Changes to a pregnant mother’s oral health may include gingival inflammation, gingival enlargement and enamel erosion. These occurrences are usually explained as an ‘exaggerated response of the tissues to dental biofilm’ (Wilkins 2005 p. 773). However, when measures have been taken to care for the oral tissues by controlling biofilm, adverse gingival changes are not expected. Physiological changes in the mother’s body during pregnancy can be firstly seen in the gingiva from the influences of increased circulating levels of female sex hormones (Wilkins 2005). Contributing factors may include local irritation from plaque and calculus build up, trauma or poor oral health. The affects of pregnancy on the health of the oral tissues are usually seen in the second month of pregnancy and when left untreated can prove to be harmful as gingival inflammation continues with the increase of hormone levels reaching a maximum at eight months. Symptoms will lessen after birth; however a completely healthy condition does not necessarily result. Therefore, a patient who has a change in oral health during pregnancy could continue to experience these changes even if the severity appears to lessen (Wilkins 2005).

The demands of pregnancy can lead to particular dental problems in some women. With an increase tendency to snack as well as symptoms of nausea and vomiting may cause the mother to reduce oral hygiene habits due to tiredness or tendency of bleeding on brushing (Adelaide University 2007). Although luckily with well provided oral health instruction and education these problems can be eliminated.


Gingivitis is the swelling or inflammation of the gums which is experienced by a number of women during the early stages of pregnancy. Gingivitis results from irritation of the gingiva due to plaque build up with clinical symptoms of swelling, tenderness, redness, sensitivity and bleeding as seen in figure 1.1 shown below. As the human body undergoes hormonal changes (during pregnancy) the natural response of inflammation is altered and therefore becomes an exaggerated response. Hence, this condition can be easily avoided if good oral care routines are in use.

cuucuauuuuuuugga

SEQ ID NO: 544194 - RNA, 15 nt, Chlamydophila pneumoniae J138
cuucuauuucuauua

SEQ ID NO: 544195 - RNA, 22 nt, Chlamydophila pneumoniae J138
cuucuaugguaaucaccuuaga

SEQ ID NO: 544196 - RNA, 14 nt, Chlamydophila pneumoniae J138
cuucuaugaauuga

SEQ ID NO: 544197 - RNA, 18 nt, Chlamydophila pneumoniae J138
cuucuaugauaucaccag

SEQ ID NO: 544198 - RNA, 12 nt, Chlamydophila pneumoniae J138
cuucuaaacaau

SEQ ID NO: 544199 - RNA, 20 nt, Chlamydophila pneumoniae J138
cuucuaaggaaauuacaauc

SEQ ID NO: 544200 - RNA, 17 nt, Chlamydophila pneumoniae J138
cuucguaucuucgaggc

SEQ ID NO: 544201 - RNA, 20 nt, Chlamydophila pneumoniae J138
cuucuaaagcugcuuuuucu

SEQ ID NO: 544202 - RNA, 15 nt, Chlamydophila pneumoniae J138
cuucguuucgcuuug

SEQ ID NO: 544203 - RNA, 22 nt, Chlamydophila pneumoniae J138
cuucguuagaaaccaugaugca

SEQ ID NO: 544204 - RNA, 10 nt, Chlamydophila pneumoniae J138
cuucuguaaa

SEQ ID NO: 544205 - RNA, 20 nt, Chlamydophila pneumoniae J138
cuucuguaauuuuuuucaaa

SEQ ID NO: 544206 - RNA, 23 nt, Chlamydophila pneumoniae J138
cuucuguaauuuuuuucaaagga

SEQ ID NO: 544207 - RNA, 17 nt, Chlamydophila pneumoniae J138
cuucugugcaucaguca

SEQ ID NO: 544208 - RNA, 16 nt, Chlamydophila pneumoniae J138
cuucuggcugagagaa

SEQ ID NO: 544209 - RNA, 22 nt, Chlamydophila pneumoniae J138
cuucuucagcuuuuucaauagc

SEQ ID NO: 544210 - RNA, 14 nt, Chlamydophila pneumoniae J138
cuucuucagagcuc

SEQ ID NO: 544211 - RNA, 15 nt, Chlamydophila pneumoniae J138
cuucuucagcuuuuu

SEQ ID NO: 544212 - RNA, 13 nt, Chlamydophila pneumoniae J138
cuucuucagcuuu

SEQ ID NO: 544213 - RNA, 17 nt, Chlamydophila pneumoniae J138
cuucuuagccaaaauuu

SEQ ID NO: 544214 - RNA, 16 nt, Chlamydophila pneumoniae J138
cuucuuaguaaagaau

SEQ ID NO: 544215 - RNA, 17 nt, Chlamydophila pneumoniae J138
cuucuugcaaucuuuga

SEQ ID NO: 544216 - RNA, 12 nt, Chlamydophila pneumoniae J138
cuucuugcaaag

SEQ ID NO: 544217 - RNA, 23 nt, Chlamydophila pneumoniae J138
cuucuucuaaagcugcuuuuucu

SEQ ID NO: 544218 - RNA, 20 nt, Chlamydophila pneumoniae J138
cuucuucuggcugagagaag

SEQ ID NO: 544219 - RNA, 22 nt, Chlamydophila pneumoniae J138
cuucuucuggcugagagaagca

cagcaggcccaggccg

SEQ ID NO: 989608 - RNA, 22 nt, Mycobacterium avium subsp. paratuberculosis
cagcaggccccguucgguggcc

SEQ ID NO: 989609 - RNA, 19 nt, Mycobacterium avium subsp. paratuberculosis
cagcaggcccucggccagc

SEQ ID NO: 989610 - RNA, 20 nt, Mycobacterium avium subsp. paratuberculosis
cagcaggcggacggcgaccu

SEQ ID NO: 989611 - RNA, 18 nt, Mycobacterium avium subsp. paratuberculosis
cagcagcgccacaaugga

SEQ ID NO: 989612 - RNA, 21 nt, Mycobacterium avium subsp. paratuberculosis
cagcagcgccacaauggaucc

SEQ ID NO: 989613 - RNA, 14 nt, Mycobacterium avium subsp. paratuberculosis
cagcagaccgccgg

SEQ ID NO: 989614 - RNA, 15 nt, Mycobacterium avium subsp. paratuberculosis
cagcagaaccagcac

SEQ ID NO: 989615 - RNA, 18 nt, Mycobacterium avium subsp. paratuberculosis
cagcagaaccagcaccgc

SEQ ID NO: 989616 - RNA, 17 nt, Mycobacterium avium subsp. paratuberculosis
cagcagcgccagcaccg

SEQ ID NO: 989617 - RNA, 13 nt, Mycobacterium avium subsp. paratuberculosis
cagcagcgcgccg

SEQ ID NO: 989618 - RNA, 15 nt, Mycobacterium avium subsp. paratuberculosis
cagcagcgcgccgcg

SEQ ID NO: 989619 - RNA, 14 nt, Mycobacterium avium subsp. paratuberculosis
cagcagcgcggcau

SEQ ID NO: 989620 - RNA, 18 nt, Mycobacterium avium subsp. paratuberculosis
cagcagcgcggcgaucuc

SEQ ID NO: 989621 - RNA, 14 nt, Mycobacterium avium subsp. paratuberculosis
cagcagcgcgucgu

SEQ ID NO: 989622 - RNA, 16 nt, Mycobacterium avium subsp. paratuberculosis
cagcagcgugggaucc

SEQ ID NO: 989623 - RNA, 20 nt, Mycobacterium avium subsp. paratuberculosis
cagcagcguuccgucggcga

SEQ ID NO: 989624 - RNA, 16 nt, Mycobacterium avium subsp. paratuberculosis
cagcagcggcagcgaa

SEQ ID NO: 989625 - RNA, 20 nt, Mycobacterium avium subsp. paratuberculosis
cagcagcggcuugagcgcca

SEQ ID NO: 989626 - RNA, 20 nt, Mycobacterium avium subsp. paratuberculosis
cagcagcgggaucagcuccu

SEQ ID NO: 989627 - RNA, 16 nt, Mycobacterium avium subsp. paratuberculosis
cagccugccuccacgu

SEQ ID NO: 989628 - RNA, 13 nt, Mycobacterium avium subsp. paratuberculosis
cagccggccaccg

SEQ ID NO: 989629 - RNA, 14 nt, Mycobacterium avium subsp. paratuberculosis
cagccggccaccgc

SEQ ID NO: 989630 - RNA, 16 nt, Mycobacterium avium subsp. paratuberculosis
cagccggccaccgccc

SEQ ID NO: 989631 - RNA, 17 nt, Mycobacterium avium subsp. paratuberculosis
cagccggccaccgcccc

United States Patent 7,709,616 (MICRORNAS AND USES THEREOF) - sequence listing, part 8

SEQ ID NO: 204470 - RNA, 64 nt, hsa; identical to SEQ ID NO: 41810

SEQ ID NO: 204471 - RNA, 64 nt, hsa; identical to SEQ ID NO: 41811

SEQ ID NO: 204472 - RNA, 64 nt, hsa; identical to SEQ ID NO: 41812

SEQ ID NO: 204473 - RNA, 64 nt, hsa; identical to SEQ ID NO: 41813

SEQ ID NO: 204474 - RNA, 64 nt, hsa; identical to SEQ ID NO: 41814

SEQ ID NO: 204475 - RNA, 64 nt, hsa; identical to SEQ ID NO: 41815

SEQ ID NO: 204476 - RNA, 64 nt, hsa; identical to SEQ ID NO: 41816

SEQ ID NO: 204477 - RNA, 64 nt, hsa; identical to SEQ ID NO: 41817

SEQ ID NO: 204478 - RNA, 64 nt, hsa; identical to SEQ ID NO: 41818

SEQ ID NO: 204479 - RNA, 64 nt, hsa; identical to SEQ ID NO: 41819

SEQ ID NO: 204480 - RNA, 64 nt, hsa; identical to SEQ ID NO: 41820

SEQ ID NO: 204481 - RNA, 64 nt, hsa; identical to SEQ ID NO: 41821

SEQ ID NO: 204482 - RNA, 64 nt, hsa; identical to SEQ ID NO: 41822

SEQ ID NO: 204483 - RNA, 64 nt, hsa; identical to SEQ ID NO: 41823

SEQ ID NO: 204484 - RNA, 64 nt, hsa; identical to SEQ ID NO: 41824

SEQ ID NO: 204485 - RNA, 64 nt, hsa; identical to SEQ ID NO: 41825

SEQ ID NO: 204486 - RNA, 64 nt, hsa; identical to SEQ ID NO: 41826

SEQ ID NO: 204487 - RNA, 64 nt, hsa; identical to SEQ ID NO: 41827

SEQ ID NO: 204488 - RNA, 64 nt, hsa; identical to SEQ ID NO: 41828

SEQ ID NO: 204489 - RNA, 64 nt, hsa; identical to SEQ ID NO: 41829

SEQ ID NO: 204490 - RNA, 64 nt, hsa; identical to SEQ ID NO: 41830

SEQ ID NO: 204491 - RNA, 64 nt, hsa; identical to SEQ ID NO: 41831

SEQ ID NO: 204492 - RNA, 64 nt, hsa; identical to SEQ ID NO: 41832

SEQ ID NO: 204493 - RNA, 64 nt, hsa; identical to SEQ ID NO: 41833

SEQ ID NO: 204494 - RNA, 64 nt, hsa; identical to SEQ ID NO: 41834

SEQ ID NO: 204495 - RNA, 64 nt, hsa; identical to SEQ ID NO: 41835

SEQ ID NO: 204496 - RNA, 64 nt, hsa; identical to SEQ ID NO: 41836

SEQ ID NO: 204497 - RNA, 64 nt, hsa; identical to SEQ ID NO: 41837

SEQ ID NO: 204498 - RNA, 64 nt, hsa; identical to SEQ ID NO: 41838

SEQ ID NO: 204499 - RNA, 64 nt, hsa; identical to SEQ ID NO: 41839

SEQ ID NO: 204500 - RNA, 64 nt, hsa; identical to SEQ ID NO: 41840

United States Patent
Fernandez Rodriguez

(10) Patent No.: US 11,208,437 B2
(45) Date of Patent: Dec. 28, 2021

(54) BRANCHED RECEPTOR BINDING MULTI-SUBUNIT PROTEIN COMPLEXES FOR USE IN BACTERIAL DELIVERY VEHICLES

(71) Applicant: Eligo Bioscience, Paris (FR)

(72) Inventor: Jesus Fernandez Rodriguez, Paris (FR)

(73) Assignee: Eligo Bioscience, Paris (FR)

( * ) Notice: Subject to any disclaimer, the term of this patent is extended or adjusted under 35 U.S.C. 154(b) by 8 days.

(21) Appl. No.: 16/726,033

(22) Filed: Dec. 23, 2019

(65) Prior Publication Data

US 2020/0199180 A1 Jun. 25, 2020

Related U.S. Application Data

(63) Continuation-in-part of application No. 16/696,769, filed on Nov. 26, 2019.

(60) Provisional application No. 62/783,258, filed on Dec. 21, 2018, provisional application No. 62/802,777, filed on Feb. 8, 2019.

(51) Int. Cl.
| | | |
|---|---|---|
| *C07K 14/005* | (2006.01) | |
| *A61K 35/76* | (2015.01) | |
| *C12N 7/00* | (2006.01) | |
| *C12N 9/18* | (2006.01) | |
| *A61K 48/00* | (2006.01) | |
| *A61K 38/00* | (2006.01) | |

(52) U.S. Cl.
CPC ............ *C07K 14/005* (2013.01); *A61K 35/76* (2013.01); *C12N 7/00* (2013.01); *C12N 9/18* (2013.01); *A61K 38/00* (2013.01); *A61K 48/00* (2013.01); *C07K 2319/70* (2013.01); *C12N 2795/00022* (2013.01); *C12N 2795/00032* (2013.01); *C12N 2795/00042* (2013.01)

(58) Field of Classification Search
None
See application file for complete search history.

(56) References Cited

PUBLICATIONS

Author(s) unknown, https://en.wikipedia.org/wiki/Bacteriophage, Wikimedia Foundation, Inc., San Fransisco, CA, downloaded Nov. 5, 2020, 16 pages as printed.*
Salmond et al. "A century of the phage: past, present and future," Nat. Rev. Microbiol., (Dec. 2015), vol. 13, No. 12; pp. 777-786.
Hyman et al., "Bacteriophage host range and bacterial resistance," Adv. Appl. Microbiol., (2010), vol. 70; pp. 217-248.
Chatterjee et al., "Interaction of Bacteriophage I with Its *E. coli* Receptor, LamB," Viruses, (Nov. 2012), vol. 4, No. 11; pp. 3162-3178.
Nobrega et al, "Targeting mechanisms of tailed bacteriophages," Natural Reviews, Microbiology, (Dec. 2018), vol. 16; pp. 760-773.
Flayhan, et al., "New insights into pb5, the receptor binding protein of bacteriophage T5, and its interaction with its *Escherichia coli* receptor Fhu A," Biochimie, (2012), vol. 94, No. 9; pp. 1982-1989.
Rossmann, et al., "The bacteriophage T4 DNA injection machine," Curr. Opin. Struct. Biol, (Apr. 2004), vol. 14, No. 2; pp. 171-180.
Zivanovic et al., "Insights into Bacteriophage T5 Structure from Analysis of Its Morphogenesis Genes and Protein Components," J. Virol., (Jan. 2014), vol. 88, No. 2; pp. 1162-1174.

Elevated levels of estrogen and progesterone during pregnancy have been the assumed cause to such an exaggerated response with the risk of developing gingivitis beginning with the second month of pregnancy and decreases with the ninth month (Katz 2009). Problems will prove to become worse if the mother has gingivitis before her pregnancy as the likelihood of the condition will become worse during pregnancy if no treatment is taken to improve health of the oral tissues. It is important to understand that it is the hormonal changes occurring in the body which results in this exaggerated response, however it is still the bacteria present in plaque that causes the initial infection and therefore inflammation (Katz 2009). If gingivitis is left untreated, this can potentially lead to periodontal disease – an infection of the gums which can cause ligaments, gums and bone surrounding the teeth to become diseased and thereby create pockets (Katz 2009). These pockets can therefore become a way in which bacteria and toxic wastes (from bacteria metabolism) enter and travel through the bloodstream. This is a significant problem which is further discussed in the section ‘Associating periodontal disease during pregnancy with premature births’.